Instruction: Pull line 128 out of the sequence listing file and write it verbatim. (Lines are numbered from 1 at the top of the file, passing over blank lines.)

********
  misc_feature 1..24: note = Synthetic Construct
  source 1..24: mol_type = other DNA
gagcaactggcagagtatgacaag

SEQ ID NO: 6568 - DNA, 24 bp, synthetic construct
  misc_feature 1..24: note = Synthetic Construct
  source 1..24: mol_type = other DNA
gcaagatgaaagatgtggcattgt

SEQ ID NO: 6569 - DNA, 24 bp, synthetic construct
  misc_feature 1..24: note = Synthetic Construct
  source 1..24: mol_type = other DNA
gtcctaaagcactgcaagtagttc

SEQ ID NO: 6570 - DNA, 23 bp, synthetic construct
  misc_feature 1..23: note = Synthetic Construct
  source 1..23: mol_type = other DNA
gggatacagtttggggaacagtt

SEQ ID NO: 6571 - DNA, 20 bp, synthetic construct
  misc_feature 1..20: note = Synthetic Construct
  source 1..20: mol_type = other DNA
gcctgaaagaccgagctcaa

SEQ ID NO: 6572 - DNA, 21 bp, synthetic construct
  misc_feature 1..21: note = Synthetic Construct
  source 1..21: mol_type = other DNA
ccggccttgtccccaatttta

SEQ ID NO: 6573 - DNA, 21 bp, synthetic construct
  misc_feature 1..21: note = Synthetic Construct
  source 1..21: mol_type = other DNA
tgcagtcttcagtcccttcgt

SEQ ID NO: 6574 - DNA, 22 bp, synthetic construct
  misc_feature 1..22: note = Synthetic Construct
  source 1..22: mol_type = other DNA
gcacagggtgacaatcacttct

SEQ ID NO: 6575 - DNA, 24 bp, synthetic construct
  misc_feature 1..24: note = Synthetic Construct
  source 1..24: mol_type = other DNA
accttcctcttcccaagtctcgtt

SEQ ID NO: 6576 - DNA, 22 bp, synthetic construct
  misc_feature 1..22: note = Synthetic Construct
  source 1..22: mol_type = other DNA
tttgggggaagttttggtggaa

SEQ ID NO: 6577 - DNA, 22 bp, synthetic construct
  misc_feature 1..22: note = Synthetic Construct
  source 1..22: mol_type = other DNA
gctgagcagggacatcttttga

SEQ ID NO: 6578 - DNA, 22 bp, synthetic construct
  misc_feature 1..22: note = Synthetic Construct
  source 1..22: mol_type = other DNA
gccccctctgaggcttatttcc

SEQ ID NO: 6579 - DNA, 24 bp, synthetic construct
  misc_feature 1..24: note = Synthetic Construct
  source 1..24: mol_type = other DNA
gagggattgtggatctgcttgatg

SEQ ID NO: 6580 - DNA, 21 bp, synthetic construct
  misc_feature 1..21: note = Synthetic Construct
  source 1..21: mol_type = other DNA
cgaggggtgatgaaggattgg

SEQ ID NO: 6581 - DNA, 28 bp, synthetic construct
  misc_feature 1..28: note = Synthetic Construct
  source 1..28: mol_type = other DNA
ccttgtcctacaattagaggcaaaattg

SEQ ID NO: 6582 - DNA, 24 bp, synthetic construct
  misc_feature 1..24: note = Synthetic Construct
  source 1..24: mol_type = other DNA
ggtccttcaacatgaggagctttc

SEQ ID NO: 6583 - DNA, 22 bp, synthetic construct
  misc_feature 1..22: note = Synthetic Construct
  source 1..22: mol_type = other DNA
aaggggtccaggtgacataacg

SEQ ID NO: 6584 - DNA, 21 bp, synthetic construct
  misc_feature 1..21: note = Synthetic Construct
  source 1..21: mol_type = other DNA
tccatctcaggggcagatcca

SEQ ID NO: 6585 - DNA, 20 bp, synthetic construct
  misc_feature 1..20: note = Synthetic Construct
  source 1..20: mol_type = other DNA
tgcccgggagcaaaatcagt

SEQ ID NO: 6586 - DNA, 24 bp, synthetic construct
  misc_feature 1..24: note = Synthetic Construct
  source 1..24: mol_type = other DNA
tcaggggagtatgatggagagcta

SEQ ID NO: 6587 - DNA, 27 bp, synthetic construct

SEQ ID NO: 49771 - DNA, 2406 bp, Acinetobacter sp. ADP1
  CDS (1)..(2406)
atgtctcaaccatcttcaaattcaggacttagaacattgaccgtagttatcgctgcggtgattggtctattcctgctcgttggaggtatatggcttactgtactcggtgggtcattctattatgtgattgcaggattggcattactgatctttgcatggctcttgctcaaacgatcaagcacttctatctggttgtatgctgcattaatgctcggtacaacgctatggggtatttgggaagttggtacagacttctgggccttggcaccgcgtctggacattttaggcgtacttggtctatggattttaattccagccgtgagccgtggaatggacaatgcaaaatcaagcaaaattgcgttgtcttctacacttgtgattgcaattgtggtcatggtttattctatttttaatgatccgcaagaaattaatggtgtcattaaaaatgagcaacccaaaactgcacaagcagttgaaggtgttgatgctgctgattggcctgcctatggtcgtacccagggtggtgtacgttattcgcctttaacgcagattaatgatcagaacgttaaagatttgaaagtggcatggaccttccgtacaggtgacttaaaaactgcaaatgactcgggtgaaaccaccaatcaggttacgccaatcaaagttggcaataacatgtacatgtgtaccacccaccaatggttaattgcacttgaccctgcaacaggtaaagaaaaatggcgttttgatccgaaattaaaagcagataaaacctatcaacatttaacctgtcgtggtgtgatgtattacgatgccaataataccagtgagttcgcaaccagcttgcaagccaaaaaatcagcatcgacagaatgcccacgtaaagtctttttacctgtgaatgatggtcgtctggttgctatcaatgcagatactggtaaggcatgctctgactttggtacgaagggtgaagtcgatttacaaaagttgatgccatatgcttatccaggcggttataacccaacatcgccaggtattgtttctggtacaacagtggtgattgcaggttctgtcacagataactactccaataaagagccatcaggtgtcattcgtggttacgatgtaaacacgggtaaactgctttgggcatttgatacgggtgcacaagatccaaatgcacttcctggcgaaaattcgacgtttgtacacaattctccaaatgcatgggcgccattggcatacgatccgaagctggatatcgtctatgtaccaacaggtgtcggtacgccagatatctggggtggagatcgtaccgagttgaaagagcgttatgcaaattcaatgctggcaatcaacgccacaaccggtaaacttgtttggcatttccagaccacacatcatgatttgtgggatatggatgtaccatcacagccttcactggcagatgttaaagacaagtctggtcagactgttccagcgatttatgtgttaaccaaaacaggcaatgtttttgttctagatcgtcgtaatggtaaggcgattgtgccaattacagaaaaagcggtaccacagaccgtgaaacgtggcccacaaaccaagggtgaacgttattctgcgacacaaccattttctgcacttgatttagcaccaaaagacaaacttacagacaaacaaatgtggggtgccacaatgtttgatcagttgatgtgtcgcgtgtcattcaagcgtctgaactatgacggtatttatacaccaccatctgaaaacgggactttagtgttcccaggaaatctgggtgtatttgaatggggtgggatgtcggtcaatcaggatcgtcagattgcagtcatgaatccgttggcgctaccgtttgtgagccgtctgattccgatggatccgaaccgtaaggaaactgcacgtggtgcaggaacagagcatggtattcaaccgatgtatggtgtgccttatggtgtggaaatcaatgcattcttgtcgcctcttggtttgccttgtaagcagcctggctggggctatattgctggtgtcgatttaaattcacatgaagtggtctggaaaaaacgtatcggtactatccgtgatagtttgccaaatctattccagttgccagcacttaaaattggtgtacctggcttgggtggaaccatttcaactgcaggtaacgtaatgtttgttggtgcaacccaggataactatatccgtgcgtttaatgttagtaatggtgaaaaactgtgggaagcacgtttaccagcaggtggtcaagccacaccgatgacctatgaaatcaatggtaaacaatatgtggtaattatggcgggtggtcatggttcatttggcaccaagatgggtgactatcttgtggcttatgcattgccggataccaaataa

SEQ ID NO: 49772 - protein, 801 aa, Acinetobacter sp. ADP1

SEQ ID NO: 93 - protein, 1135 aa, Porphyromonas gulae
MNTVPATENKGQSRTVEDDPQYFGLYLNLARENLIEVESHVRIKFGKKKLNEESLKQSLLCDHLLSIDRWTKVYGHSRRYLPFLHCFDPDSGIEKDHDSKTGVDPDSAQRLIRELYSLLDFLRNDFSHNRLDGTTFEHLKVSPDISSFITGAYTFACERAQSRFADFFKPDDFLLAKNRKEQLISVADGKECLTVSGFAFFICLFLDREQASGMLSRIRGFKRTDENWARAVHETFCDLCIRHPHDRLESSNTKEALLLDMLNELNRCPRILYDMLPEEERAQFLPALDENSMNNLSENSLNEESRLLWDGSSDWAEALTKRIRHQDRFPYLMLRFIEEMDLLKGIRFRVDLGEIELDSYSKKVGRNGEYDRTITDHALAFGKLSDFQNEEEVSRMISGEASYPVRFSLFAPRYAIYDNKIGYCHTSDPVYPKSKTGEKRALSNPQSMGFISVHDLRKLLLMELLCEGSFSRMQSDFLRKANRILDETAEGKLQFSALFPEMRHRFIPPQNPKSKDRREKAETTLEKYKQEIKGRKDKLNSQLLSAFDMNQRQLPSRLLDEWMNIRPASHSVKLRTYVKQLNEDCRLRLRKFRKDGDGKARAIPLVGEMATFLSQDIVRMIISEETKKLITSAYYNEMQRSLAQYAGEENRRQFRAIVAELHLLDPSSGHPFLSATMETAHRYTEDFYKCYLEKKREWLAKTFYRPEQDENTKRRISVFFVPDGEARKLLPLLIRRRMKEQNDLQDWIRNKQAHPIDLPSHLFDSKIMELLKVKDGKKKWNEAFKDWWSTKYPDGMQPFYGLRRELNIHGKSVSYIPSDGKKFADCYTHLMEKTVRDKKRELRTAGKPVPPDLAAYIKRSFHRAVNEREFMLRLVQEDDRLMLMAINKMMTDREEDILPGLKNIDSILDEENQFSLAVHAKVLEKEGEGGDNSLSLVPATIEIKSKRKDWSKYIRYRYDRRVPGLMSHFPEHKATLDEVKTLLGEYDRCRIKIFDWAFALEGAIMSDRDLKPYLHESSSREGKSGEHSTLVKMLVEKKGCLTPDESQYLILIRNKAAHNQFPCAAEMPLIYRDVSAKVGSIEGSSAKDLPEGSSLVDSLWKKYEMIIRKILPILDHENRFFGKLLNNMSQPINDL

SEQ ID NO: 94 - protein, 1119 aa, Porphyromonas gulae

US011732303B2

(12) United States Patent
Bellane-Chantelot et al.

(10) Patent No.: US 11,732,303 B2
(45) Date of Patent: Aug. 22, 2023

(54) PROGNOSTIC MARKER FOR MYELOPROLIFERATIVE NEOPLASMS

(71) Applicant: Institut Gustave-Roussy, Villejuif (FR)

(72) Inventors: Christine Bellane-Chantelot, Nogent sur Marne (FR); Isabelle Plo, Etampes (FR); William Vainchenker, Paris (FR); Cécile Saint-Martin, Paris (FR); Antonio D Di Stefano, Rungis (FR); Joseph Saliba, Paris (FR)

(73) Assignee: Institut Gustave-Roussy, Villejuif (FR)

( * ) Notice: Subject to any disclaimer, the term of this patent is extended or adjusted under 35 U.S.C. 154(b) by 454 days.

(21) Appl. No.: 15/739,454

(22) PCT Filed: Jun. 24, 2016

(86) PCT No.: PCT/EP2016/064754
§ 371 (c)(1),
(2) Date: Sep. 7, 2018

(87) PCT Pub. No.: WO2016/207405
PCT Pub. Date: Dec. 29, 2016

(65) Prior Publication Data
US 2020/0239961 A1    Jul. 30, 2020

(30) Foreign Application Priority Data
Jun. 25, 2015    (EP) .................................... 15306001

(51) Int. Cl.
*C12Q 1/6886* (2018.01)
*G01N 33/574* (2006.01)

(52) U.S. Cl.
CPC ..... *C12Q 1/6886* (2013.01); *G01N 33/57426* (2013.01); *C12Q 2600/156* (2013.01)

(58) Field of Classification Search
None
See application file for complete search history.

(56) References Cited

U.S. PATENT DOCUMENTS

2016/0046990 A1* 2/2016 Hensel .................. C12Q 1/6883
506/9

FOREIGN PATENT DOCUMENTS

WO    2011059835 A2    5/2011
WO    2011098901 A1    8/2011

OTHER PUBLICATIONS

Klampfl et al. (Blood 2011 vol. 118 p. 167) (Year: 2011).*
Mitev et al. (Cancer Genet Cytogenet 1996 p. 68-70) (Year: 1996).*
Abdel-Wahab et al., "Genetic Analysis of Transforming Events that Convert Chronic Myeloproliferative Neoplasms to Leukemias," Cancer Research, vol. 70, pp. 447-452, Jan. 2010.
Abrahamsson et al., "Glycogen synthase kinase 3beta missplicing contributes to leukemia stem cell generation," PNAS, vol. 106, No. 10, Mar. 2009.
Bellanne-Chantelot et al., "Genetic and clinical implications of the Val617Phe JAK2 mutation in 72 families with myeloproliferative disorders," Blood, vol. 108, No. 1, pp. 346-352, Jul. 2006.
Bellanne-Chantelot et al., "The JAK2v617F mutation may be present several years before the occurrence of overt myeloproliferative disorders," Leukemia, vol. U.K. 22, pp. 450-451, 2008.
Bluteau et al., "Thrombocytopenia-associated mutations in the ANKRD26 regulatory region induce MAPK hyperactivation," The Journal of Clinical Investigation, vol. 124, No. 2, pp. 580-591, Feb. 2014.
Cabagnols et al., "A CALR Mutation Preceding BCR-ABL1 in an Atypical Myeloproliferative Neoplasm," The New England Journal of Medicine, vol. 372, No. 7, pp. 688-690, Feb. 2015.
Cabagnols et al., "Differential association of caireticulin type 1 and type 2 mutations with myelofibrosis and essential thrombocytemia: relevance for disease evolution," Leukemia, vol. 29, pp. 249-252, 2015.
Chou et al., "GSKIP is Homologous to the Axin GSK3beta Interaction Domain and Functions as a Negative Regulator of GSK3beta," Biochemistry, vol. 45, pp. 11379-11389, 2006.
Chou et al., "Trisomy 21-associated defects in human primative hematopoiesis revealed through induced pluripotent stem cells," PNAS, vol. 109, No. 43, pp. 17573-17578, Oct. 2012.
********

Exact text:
Abrahamsson et al., "Glycogen synthase kinase 3beta missplicing contributes to leukemia stem cell generation," PNAS, vol. 106, No. 10, Mar. 2009.